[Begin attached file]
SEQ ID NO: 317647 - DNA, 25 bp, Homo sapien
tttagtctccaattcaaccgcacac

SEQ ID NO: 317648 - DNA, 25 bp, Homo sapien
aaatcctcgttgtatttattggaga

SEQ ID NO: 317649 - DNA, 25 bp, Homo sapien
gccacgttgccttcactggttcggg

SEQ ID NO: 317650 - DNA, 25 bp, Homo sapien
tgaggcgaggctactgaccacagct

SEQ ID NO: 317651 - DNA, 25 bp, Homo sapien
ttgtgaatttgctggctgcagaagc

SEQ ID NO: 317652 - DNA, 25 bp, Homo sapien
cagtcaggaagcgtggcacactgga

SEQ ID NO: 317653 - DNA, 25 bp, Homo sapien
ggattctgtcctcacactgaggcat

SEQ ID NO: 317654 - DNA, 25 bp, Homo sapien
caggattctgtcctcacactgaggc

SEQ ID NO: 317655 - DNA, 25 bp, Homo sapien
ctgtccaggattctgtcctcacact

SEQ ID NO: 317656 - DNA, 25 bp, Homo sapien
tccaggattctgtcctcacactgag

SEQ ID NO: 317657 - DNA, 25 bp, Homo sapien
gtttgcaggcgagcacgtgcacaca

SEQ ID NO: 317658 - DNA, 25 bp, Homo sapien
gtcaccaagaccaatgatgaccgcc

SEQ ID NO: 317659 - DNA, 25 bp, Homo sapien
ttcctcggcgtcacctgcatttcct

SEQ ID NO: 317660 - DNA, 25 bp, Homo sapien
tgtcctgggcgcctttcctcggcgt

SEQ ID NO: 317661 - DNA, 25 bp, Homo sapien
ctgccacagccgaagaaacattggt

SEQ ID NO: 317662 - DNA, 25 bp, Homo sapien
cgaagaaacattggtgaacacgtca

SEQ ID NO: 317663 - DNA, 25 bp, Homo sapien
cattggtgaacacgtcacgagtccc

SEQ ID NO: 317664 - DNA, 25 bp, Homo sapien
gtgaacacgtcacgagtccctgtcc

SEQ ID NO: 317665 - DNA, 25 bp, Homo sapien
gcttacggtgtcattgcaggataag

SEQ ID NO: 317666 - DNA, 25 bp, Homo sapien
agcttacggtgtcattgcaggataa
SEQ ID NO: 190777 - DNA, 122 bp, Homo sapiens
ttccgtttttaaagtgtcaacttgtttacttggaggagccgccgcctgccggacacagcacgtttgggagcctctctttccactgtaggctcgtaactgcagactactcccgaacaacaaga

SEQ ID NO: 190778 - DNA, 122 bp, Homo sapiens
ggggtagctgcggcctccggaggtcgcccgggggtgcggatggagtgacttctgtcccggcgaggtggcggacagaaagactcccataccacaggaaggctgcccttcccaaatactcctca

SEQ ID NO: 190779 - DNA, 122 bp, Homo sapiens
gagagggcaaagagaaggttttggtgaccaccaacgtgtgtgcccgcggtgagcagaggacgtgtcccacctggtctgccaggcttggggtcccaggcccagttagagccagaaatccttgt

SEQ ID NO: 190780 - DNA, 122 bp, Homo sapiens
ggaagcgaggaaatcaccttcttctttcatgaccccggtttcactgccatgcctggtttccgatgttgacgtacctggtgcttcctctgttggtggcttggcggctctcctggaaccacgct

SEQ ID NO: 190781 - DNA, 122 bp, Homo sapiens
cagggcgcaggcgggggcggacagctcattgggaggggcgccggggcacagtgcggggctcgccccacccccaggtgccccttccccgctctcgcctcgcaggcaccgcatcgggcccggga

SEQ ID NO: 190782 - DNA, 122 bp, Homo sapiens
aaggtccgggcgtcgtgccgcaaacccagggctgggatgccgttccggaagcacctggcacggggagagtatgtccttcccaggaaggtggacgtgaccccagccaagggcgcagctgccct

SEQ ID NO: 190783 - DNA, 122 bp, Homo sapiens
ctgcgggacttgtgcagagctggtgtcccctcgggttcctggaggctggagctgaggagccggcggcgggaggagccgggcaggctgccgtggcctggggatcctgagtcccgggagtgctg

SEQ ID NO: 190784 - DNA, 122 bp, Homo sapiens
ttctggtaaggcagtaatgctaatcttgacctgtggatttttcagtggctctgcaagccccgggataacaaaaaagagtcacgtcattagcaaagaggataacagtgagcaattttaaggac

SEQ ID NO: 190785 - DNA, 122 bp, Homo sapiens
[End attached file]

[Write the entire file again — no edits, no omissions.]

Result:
SEQ ID NO: 317647 - DNA, 25 bp, Homo sapien
tttagtctccaattcaaccgcacac

SEQ ID NO: 317648 - DNA, 25 bp, Homo sapien
aaatcctcgttgtatttattggaga

SEQ ID NO: 317649 - DNA, 25 bp, Homo sapien
gccacgttgccttcactggttcggg

SEQ ID NO: 317650 - DNA, 25 bp, Homo sapien
tgaggcgaggctactgaccacagct

SEQ ID NO: 317651 - DNA, 25 bp, Homo sapien
ttgtgaatttgctggctgcagaagc

SEQ ID NO: 317652 - DNA, 25 bp, Homo sapien
cagtcaggaagcgtggcacactgga

SEQ ID NO: 317653 - DNA, 25 bp, Homo sapien
ggattctgtcctcacactgaggcat

SEQ ID NO: 317654 - DNA, 25 bp, Homo sapien
caggattctgtcctcacactgaggc

SEQ ID NO: 317655 - DNA, 25 bp, Homo sapien
ctgtccaggattctgtcctcacact

SEQ ID NO: 317656 - DNA, 25 bp, Homo sapien
tccaggattctgtcctcacactgag

SEQ ID NO: 317657 - DNA, 25 bp, Homo sapien
gtttgcaggcgagcacgtgcacaca

SEQ ID NO: 317658 - DNA, 25 bp, Homo sapien
gtcaccaagaccaatgatgaccgcc

SEQ ID NO: 317659 - DNA, 25 bp, Homo sapien
ttcctcggcgtcacctgcatttcct

SEQ ID NO: 317660 - DNA, 25 bp, Homo sapien
tgtcctgggcgcctttcctcggcgt

SEQ ID NO: 317661 - DNA, 25 bp, Homo sapien
ctgccacagccgaagaaacattggt

SEQ ID NO: 317662 - DNA, 25 bp, Homo sapien
cgaagaaacattggtgaacacgtca

SEQ ID NO: 317663 - DNA, 25 bp, Homo sapien
cattggtgaacacgtcacgagtccc

SEQ ID NO: 317664 - DNA, 25 bp, Homo sapien
gtgaacacgtcacgagtccctgtcc

SEQ ID NO: 317665 - DNA, 25 bp, Homo sapien
gcttacggtgtcattgcaggataag

SEQ ID NO: 317666 - DNA, 25 bp, Homo sapien
agcttacggtgtcattgcaggataa
SEQ ID NO: 190777 - DNA, 122 bp, Homo sapiens
ttccgtttttaaagtgtcaacttgtttacttggaggagccgccgcctgccggacacagcacgtttgggagcctctctttccactgtaggctcgtaactgcagactactcccgaacaacaaga

SEQ ID NO: 190778 - DNA, 122 bp, Homo sapiens
ggggtagctgcggcctccggaggtcgcccgggggtgcggatggagtgacttctgtcccggcgaggtggcggacagaaagactcccataccacaggaaggctgcccttcccaaatactcctca

SEQ ID NO: 190779 - DNA, 122 bp, Homo sapiens
gagagggcaaagagaaggttttggtgaccaccaacgtgtgtgcccgcggtgagcagaggacgtgtcccacctggtctgccaggcttggggtcccaggcccagttagagccagaaatccttgt

SEQ ID NO: 190780 - DNA, 122 bp, Homo sapiens
ggaagcgaggaaatcaccttcttctttcatgaccccggtttcactgccatgcctggtttccgatgttgacgtacctggtgcttcctctgttggtggcttggcggctctcctggaaccacgct

SEQ ID NO: 190781 - DNA, 122 bp, Homo sapiens
cagggcgcaggcgggggcggacagctcattgggaggggcgccggggcacagtgcggggctcgccccacccccaggtgccccttccccgctctcgcctcgcaggcaccgcatcgggcccggga

SEQ ID NO: 190782 - DNA, 122 bp, Homo sapiens
aaggtccgggcgtcgtgccgcaaacccagggctgggatgccgttccggaagcacctggcacggggagagtatgtccttcccaggaaggtggacgtgaccccagccaagggcgcagctgccct

SEQ ID NO: 190783 - DNA, 122 bp, Homo sapiens
ctgcgggacttgtgcagagctggtgtcccctcgggttcctggaggctggagctgaggagccggcggcgggaggagccgggcaggctgccgtggcctggggatcctgagtcccgggagtgctg

SEQ ID NO: 190784 - DNA, 122 bp, Homo sapiens
ttctggtaaggcagtaatgctaatcttgacctgtggatttttcagtggctctgcaagccccgggataacaaaaaagagtcacgtcattagcaaagaggataacagtgagcaattttaaggac

SEQ ID NO: 190785 - DNA, 122 bp, Homo sapiens